This week we have another always excellent analytical guest blog post from Oscar Slotboom.
Average transit ridership nationwide remains down 33.4% in September compared to pre-Covid levels, but Houston Metro is doing better. With a strong upward trend in August and September, Metro’s September overall ridership is down 26.5% compared to the 12-month pre-covid average. Bus ridership is down 20.2%, light rail ridership is down 26.7% and park & ride is down 63.3%. September and October are normally the highest ridership months of the year, so the upward trend should peak in October or November (which will be boosted by parade ridership).
Houston ridership is also doing much better than Dallas. The chart below, which includes three North Texas transit agencies, is from the most recent NCTCOG meeting data and shows that transit use in North Texas remains down 39% and is basically flat in the last year. DART has a 93-mile light rail system, with nearly all of it built on dedicated right-of-way, including a long subway section, long elevated sections and Dallas/Fort Worth (DFW) airport service. As I reported in 2021, the light rail system has always been plagued by low ridership. Recently, the Dallas Morning News reported on the high crime rate affecting DART patrons, which probably contributes to low ridership.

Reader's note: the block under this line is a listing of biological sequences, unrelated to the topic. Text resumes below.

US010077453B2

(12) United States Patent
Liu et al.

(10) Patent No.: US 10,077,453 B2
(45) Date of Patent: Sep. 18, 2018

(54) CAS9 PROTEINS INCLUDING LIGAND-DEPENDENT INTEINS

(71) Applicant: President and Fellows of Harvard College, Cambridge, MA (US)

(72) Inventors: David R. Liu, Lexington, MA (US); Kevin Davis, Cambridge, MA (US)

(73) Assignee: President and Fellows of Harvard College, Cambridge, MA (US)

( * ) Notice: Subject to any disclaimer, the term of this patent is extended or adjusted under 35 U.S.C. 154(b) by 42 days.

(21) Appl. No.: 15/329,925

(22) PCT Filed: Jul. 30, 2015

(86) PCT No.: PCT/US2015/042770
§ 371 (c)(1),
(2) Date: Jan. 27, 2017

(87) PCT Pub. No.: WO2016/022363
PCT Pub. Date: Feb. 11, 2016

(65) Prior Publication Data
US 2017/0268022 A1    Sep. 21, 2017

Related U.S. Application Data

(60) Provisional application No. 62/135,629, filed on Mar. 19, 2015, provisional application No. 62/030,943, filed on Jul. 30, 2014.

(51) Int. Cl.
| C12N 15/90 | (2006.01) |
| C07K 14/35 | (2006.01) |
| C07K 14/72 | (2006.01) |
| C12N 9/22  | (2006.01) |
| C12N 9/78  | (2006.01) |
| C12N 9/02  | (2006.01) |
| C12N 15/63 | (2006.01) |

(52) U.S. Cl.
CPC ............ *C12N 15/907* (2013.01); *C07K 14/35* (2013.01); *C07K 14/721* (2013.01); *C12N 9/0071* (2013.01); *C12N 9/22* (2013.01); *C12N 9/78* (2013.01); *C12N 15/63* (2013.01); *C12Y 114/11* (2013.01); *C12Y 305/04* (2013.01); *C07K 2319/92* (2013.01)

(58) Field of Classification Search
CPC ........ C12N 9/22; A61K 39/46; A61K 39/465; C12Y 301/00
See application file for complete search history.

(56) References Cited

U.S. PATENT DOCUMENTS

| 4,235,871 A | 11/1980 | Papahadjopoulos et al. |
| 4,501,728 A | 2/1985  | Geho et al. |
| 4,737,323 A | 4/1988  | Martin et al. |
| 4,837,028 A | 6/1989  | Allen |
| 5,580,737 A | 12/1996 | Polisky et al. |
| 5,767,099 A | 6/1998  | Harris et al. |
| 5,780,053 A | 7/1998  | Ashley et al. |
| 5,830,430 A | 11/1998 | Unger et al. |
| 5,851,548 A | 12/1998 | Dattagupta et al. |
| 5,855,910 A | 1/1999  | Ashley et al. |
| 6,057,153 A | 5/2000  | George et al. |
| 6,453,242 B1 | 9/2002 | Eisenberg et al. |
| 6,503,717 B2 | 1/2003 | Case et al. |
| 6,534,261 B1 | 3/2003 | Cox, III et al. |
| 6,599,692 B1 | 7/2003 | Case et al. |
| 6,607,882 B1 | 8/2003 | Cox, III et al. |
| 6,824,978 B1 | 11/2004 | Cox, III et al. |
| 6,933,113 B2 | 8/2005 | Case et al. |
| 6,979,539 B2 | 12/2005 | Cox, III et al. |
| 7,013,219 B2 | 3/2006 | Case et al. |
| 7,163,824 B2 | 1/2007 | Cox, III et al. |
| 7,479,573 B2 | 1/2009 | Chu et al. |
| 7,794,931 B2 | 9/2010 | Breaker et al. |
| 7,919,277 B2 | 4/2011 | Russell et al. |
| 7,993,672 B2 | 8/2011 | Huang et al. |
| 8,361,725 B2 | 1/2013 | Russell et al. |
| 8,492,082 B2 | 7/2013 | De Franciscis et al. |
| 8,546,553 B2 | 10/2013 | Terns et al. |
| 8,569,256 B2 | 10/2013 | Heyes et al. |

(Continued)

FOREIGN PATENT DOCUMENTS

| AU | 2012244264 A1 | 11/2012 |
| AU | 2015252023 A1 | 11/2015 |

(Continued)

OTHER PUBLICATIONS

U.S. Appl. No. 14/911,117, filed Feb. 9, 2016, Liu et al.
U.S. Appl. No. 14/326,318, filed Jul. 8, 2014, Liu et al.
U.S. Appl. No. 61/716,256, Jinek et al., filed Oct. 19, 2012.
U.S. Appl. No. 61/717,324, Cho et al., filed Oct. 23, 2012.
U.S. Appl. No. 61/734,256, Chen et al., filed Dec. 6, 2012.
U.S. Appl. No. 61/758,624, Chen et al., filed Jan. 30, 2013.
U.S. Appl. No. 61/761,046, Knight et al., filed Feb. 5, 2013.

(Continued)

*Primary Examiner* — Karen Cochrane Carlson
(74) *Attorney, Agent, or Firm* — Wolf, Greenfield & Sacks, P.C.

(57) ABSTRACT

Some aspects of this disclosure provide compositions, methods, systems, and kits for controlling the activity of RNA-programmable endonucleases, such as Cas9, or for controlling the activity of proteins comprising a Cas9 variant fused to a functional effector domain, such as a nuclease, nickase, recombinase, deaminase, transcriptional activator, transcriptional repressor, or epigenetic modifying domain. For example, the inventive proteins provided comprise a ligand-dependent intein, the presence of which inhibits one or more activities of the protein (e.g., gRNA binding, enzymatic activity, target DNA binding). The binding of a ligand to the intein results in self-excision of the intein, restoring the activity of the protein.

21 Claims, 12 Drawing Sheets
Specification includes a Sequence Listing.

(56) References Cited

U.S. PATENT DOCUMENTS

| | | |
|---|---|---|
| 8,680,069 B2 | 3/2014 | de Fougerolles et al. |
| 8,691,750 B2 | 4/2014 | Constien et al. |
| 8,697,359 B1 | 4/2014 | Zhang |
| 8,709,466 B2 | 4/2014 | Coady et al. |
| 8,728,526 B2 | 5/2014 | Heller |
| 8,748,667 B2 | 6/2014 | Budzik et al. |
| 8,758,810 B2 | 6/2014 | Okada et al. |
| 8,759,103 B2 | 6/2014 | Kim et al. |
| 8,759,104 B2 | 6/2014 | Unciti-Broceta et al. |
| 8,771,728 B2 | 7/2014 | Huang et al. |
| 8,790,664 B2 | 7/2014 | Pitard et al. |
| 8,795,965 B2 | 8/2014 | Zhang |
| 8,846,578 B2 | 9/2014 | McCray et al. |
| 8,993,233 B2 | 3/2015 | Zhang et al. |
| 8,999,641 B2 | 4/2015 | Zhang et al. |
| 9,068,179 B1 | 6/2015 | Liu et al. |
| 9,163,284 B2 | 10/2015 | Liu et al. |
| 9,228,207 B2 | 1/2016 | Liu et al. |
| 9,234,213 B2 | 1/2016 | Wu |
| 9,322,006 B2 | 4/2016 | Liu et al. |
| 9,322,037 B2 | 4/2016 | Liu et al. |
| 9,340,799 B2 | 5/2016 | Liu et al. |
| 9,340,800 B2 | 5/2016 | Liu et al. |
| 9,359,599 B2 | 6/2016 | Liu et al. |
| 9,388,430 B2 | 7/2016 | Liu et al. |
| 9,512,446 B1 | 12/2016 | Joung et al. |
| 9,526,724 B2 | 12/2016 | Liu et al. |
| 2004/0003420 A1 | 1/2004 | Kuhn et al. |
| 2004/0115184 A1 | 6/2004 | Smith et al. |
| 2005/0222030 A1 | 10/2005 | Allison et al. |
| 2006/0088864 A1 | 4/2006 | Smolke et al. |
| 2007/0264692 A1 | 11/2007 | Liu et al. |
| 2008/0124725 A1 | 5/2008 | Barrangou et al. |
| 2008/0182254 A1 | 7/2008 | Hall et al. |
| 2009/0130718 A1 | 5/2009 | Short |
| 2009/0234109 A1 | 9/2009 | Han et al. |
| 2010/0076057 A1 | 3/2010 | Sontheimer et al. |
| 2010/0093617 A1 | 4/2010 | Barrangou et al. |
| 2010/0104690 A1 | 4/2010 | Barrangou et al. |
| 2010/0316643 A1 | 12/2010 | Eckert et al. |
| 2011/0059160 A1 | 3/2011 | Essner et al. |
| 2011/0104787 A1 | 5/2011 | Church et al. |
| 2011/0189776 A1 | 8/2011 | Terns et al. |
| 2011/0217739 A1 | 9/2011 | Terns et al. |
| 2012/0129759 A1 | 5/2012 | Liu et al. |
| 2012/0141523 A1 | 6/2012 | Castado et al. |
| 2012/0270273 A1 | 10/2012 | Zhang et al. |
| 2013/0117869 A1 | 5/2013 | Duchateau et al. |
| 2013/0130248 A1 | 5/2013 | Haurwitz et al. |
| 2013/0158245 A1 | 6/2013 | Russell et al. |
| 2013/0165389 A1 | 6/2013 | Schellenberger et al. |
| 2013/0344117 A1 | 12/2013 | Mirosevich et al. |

Highway use in North Texas has been back at pre-Covid levels for over a year. There’s no readily available data for Houston roadway use, but it’s almost surely similar to North Texas.
(I’ve been working toward a goal of having much shorter blog posts. I have finally succeeded. Yay!)
This piece first appeared at Houston Strategies.
Tory Gattis is a Founding Senior Fellow with the Urban Reform Institute and co-authored the original study with noted urbanist Joel Kotkin and others, creating a city philosophy around upward social mobility for all citizens as an alternative to the popular smart growth, new urbanism, and creative class movements. He is also an editor of the Houston Strategies blog.